By Laura Thornton
It’s 1988, and Dr. Gary W. Goldstein, Kennedy Krieger Institute’s new president and CEO, is taking a walk through the four floors of the Institute’s only building. He wants to get to know the place a little better.
He quickly meets up with an 8-year-old boy walking away from his mom and physical therapist. The boy is smiling, excited and very happy. His mom and therapist are crying.
“What’s happening?” Dr. Goldstein asks.
“This is the first time my son has ever walked,” the boy’s mom answers through tears of joy.
Throughout his 30 years at Kennedy Krieger, Dr. Goldstein has never forgotten that boy. The children at the Institute are always foremost in his mind, guiding just about every decision he makes on the job.
“Any time he talks about research at Kennedy Krieger, he starts by talking about the children who are living with a serious or rare disease—the children we want our research to help,” explains Dr. Amy J. Bastian, the Institute’s chief science officer. “He always puts the children first.”
When Dr. Goldstein began at Kennedy Krieger, the Institute was seeing about 2,750 patients a year, and educating about 40 elementary school students. Eighteen outpatient programs offered patient services, and the Institute employed a little more than 400 people.
Today, as Dr. Goldstein prepares to step down from his current roles at Kennedy Krieger, the Institute sees about 24,000 patients a year and educates close to 600 students, from preschool to postsecondary vocational training. It diagnoses and treats hundreds of diseases of the brain, spinal cord and musculoskeletal system; offers 82 outpatient programs; provides services at multiple locations; and runs three school campuses. More than 2,600 employees now work at the Institute, while hundreds of doctors, therapists, nurses, researchers and teachers receive training at the Institute each year.
The extraordinary growth of the past three decades means more children than ever before are receiving the medical, therapeutic and educational care they need. Guiding that growth has been Dr. Goldstein.
“It was an easy choice,” selecting Dr. Goldstein as the Institute’s sixth president, says Michael J. Batza Jr., a board member for the past 38 years, board chair at the time Dr. Goldstein was hired, and a member of the committee that selected Dr. Goldstein.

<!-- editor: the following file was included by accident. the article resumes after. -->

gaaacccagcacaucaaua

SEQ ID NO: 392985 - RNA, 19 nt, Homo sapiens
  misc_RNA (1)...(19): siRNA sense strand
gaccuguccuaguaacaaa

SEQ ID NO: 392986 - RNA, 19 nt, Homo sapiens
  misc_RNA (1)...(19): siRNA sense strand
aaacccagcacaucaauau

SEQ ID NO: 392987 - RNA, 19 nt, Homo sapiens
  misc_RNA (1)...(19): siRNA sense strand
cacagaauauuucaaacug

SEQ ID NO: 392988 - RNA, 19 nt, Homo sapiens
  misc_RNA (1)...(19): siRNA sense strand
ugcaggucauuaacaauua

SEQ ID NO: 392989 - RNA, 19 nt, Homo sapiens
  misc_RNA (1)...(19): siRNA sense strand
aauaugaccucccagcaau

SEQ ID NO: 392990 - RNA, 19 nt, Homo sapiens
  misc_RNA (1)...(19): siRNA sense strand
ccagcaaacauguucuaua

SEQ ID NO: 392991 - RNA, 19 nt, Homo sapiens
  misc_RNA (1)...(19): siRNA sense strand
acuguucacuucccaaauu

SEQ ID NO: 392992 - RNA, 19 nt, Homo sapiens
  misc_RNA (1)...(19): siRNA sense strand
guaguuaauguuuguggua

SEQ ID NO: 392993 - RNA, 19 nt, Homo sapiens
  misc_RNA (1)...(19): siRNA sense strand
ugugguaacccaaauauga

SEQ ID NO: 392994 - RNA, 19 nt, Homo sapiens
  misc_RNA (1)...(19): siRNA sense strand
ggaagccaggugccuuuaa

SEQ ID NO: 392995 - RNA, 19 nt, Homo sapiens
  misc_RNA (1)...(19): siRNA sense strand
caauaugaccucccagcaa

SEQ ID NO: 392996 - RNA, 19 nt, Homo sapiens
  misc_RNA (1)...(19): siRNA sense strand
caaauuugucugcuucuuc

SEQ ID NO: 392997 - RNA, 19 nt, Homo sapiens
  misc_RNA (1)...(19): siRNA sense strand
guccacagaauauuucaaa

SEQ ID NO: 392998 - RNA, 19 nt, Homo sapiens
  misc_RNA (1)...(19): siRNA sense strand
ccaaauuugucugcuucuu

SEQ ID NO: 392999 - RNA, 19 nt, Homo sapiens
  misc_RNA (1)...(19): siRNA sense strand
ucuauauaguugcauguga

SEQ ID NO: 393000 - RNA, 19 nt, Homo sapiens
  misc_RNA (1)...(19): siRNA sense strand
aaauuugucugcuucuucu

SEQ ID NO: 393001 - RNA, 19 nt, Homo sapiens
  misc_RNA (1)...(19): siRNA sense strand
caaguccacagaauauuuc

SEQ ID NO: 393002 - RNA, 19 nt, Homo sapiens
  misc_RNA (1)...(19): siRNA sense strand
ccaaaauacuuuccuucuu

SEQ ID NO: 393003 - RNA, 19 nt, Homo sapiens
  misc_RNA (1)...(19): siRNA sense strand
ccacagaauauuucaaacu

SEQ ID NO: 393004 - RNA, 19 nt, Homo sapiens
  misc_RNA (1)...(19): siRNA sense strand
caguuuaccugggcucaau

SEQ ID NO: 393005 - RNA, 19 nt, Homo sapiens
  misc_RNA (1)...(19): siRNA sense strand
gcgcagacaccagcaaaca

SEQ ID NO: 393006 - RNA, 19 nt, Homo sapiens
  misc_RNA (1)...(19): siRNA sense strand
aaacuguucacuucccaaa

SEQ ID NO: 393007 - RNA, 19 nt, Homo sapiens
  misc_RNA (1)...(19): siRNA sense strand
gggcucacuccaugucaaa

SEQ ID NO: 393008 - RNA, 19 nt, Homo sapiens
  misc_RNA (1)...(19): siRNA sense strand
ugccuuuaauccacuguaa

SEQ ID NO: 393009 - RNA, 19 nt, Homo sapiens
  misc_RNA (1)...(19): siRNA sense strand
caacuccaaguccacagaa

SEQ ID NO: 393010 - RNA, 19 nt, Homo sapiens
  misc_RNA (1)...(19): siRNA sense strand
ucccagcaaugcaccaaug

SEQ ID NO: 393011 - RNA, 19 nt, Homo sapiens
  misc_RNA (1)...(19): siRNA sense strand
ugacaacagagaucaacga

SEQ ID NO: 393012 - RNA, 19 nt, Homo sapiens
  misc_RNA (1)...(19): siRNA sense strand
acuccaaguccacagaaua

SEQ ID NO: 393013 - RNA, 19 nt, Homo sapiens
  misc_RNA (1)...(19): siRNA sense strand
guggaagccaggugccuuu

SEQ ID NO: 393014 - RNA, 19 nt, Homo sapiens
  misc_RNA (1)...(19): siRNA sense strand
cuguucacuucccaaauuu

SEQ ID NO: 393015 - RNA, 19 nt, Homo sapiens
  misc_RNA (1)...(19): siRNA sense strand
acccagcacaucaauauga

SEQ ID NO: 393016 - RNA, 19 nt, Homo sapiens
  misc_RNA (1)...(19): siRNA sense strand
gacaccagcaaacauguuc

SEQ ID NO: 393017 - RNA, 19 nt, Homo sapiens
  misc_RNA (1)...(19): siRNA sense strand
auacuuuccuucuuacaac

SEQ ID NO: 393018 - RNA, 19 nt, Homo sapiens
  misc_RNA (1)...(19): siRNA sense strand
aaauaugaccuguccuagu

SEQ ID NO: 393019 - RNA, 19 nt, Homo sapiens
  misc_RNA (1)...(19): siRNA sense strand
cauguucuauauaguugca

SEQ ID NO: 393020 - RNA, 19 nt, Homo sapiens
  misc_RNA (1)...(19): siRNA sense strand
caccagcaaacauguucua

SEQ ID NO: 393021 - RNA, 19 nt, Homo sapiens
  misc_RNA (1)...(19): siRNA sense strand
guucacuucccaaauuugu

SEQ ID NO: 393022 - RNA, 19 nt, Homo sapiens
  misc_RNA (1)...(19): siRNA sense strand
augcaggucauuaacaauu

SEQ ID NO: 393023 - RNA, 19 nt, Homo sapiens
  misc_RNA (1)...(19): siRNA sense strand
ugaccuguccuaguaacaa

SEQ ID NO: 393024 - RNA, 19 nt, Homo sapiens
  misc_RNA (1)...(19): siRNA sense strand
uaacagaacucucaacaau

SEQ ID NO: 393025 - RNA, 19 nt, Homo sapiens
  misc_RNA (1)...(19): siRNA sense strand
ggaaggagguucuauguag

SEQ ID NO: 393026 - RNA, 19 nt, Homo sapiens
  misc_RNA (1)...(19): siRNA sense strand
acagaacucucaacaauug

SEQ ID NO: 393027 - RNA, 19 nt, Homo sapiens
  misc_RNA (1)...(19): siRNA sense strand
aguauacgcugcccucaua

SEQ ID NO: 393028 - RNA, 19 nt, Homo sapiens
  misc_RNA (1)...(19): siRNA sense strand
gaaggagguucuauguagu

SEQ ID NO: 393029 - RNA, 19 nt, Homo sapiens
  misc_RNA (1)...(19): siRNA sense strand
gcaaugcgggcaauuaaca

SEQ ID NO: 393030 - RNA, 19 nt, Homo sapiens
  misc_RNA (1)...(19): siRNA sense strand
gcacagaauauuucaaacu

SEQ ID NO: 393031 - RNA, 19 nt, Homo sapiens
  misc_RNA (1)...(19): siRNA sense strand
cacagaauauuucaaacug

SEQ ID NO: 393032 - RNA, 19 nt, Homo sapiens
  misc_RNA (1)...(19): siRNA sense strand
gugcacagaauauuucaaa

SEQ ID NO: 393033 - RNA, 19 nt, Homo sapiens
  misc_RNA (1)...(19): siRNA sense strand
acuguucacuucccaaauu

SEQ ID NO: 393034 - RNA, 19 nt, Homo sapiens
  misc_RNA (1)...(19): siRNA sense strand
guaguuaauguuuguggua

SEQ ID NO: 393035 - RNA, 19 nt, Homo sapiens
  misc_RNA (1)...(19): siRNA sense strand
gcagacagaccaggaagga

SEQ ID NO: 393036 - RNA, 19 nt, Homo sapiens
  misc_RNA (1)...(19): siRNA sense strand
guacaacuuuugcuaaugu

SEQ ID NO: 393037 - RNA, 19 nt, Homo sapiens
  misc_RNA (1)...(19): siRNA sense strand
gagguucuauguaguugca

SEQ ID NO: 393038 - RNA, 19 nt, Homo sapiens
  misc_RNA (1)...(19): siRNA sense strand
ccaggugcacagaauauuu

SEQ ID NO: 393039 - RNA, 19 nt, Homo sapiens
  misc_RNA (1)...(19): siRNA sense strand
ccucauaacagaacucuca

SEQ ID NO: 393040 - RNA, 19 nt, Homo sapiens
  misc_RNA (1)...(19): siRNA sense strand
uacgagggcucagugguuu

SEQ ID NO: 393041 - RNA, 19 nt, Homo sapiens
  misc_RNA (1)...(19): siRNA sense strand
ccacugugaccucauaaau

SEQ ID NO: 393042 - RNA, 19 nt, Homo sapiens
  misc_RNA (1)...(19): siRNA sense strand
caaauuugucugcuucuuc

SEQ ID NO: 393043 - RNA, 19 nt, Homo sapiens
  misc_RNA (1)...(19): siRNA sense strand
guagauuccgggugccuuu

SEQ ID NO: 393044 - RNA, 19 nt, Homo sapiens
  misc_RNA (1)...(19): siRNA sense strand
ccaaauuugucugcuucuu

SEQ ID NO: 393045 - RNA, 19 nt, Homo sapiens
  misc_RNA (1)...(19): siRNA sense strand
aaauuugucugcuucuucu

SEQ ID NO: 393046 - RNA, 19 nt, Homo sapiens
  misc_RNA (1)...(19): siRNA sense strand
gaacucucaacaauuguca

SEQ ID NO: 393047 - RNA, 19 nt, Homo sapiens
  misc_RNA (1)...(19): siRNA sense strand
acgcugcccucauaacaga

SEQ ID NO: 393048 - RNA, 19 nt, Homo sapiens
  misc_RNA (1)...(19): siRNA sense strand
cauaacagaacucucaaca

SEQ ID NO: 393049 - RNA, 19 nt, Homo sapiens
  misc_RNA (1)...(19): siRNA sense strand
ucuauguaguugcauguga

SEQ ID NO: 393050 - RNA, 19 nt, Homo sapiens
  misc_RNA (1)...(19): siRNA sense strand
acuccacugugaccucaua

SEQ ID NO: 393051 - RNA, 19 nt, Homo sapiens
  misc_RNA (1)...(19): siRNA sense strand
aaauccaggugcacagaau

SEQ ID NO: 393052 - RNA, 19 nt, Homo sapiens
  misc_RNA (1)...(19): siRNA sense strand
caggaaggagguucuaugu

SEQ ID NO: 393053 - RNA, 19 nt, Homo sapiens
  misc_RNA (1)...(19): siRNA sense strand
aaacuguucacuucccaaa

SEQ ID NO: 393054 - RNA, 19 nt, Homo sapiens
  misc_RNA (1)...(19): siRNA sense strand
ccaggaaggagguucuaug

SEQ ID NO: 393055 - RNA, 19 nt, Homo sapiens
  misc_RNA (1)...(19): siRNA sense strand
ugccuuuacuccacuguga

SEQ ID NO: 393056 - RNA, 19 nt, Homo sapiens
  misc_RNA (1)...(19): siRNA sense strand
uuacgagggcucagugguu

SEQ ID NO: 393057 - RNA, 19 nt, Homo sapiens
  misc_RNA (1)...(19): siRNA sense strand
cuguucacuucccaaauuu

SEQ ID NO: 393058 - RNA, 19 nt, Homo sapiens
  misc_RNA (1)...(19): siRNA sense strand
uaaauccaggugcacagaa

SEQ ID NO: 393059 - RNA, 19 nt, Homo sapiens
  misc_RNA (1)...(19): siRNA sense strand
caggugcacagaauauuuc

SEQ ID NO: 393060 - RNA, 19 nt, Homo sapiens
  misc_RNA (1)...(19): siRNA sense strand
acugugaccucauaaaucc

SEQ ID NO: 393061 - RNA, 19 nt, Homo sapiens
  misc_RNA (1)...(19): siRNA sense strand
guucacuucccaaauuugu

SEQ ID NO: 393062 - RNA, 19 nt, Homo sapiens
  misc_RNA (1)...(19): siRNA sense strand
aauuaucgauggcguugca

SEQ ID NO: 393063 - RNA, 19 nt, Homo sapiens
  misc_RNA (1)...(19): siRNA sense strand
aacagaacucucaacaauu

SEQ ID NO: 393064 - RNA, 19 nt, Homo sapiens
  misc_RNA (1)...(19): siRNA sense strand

“We chose the absolute best person for the job.”
“Gary is a visionary,” Batza adds. “He’s always looking forward—that’s his greatest contribution to the Institute.”
“The first thing Gary did was the opposite of what many new executives do,” recalls Dr. Michael F. Cataldo, director of the Institute’s Department of Behavioral Psychology and a Kennedy Krieger employee for the past 40 years. “Instead of changing things, he listened.”
His new co-workers told him they needed more space for their work. The four-story building wasn’t enough. The elementary school occupied just a few rooms on the second floor, and its teachers constantly worried about how their students would fare in mainstream middle schools. The research labs, outpatient center, inpatient hospital and administrative offices were bursting at the seams.
Within a year, Dr. Goldstein had orchestrated the Institute’s first expansion: Just as he was securing a substantial donation to the Institute from Zanvyl Krieger, a Baltimore businessman and Institute board member, a large city school building went on the market just three blocks away. Two weeks later, thanks to that donation, the building was part of the Institute. And that was just the beginning—more than half a dozen major buildings have become part of Kennedy Krieger over the past 30 years, giving researchers and clinicians room to expand their work.
“Our long-range plan was never about building buildings,” Dr. Goldstein explains, “but about expanding programs, with a balance between research, school and clinical care.”
“Gary is an extremely honest, humble and self-effacing leader who cares deeply about the Institute’s employees, work and mission. He’s also a brilliant scientist and an excellent physician and pediatric neurologist. He really has been the perfect person to have led the Institute for the past 30 years.”
– Dr. Michael V. Johnston, executive vice president and chief medical officer for Kennedy Krieger Institute
The Right People
“Gary’s other great contribution has been his ability to recruit, motivate and retain key individuals,” Batza says, “which isn’t always easy in such a creative and diverse, complex environment like Kennedy Krieger.”